After a morning of listening to the prosecution and defense wrangle, Superior Court Judge Rodney S. Melville today denied defense efforts to end the Michael Jackson trial.
Melville rejected a defense motion to acquit Jackson on all charges and earlier denied the defense’s fifth request for a mistrial. The judge then ordered the bailiff to bring in the jury, which had been waiting outside the courtroom.
The first defense witness was a man whom the prosecution maintains had an inappropriate friendship with Jackson in the 1990s. The man, now 22, is expected to testify that he was never molested as a child.
After the prosecution wrapped up its case Wednesday, defense lawyer Robert Sanger handed the formal notice of his motion to acquit to Santa Barbara County Dist. Atty. Thomas Sneddon and Melville. Such motions are expected but the arguments took the entire morning.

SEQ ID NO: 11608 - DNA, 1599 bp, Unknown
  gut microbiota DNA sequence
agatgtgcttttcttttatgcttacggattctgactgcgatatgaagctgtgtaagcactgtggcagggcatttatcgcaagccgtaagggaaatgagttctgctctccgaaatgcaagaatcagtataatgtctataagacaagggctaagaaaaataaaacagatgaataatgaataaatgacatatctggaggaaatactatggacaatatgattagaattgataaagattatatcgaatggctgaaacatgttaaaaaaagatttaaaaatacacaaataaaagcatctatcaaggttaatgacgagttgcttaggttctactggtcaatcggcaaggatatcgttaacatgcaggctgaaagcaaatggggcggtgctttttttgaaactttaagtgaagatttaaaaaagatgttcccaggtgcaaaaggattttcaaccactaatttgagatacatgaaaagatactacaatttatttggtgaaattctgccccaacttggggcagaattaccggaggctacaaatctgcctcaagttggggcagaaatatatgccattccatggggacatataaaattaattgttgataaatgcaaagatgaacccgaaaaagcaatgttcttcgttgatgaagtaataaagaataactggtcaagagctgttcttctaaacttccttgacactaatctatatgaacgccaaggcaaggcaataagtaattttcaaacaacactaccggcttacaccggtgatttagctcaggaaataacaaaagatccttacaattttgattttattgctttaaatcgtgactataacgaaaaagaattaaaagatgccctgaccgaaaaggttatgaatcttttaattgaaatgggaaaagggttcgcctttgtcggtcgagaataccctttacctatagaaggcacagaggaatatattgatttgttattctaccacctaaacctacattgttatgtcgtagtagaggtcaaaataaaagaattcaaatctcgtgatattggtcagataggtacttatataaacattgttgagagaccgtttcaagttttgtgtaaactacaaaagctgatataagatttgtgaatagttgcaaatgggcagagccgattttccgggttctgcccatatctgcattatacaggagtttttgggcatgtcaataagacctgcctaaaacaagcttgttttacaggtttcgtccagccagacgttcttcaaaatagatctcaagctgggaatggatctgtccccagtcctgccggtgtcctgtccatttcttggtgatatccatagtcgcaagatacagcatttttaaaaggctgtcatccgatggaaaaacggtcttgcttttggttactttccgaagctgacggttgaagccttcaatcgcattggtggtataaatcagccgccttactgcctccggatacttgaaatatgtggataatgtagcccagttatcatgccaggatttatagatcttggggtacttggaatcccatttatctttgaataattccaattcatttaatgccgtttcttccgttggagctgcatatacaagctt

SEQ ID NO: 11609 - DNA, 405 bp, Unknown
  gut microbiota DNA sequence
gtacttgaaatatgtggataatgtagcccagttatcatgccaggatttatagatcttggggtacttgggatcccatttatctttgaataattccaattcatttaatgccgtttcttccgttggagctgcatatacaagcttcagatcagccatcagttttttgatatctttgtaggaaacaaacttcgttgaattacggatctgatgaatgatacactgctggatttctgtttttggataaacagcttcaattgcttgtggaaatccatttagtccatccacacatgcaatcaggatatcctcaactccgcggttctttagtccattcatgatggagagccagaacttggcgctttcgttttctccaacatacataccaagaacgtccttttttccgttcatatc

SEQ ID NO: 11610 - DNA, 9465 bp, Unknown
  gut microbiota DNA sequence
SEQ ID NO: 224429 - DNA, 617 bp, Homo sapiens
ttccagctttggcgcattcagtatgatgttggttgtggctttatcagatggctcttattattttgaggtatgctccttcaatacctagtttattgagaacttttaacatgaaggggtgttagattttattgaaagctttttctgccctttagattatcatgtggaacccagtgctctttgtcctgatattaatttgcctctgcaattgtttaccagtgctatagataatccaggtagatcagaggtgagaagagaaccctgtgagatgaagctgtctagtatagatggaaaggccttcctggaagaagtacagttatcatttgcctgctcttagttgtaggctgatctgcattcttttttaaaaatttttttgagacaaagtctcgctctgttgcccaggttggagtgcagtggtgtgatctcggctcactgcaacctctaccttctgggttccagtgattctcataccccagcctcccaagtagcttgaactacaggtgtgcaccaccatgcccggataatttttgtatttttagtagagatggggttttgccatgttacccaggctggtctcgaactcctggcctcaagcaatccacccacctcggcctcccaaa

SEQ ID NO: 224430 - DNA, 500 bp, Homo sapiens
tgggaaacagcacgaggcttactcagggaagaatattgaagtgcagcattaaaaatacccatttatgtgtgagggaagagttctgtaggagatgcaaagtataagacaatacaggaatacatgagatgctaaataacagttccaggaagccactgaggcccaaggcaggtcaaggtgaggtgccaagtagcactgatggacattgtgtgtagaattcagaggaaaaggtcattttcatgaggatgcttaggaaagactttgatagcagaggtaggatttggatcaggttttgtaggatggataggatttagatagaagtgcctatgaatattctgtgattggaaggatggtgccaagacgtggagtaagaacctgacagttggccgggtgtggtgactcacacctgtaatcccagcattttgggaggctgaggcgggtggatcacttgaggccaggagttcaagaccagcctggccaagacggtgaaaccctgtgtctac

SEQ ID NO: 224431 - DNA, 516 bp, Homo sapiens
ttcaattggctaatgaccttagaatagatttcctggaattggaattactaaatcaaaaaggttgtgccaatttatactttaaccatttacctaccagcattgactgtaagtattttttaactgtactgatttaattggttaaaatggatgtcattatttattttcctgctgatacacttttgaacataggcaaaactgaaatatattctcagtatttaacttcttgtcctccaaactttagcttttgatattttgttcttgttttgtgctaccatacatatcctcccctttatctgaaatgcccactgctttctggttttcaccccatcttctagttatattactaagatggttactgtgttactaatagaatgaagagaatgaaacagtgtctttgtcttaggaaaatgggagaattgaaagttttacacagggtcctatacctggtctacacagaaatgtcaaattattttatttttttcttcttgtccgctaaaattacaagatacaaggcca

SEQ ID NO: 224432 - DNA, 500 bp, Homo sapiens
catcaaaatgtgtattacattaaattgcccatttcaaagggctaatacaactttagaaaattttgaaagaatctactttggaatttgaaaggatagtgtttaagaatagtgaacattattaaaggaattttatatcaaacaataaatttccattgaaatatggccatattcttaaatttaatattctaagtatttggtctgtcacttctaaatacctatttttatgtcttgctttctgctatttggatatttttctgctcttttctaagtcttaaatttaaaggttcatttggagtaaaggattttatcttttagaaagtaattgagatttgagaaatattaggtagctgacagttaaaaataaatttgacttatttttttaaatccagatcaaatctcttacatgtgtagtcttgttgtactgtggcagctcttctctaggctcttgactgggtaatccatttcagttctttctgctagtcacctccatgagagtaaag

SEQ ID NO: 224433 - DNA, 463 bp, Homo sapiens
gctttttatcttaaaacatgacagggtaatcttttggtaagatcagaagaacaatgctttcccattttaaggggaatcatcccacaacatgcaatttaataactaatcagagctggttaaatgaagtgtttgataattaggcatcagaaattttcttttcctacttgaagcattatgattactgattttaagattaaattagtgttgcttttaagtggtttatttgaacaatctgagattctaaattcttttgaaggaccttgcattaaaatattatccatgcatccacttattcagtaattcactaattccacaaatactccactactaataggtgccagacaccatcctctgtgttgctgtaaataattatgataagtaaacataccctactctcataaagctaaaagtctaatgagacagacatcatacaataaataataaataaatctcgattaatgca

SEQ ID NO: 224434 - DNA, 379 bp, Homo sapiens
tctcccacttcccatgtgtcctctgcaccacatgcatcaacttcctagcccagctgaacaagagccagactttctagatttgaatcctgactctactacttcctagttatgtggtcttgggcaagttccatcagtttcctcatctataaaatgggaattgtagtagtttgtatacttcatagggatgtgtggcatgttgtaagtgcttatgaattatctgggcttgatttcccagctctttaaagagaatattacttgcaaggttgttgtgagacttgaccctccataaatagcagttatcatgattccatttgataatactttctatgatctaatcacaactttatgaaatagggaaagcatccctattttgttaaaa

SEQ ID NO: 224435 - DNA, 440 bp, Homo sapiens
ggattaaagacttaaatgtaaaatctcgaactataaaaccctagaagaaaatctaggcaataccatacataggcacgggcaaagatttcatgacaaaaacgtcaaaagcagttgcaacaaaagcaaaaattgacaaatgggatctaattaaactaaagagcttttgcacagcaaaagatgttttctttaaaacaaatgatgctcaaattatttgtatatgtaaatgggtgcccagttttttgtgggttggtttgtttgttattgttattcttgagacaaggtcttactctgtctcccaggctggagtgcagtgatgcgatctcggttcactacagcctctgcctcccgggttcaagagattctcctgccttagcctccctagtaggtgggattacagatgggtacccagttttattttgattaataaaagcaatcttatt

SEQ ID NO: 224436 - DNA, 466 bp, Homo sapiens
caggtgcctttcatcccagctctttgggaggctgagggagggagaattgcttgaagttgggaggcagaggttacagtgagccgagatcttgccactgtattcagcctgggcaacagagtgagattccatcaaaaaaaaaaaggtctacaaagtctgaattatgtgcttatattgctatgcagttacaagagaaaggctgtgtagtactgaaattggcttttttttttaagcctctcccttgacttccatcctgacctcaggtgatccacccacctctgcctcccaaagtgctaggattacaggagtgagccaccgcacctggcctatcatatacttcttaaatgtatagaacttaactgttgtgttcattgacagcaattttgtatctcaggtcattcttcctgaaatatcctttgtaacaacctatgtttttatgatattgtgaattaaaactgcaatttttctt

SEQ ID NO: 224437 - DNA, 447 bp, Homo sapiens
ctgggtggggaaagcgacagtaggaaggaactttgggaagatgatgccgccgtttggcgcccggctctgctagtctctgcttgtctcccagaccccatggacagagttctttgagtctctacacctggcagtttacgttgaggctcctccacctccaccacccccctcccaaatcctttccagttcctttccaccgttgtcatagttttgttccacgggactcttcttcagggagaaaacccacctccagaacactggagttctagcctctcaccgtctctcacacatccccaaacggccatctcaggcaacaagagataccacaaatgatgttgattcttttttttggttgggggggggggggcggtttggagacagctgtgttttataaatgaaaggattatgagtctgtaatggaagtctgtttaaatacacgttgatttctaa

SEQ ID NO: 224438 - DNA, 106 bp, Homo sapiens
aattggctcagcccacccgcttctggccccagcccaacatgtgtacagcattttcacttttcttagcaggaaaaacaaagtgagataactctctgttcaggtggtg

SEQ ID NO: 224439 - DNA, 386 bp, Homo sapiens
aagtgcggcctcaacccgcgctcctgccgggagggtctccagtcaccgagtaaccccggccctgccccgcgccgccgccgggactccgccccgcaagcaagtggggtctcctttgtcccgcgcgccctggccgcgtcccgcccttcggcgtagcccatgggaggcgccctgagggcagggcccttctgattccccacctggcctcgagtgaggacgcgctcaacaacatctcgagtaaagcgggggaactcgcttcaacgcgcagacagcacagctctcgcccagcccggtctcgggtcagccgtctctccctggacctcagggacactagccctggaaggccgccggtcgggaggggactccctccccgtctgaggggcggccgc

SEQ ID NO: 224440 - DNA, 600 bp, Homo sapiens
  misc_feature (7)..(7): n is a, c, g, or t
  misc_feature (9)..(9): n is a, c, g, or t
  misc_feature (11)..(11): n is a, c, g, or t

Jackson, 46, is charged with molesting a 13-year-old boy in early 2003. He is also accused of giving the boy alcohol to aid in the commission of a crime and of conspiring with aides to falsely imprison, extort and kidnap the family of the accuser.
In arguing for an acquittal today, the defense attack was three-pronged: attacking the credibility of key prosecution witnesses; arguing that some material of so-called past bad acts should not have been admitted; and that the prosecution failed to show any intent on the part of Jackson to engage in a conspiracy.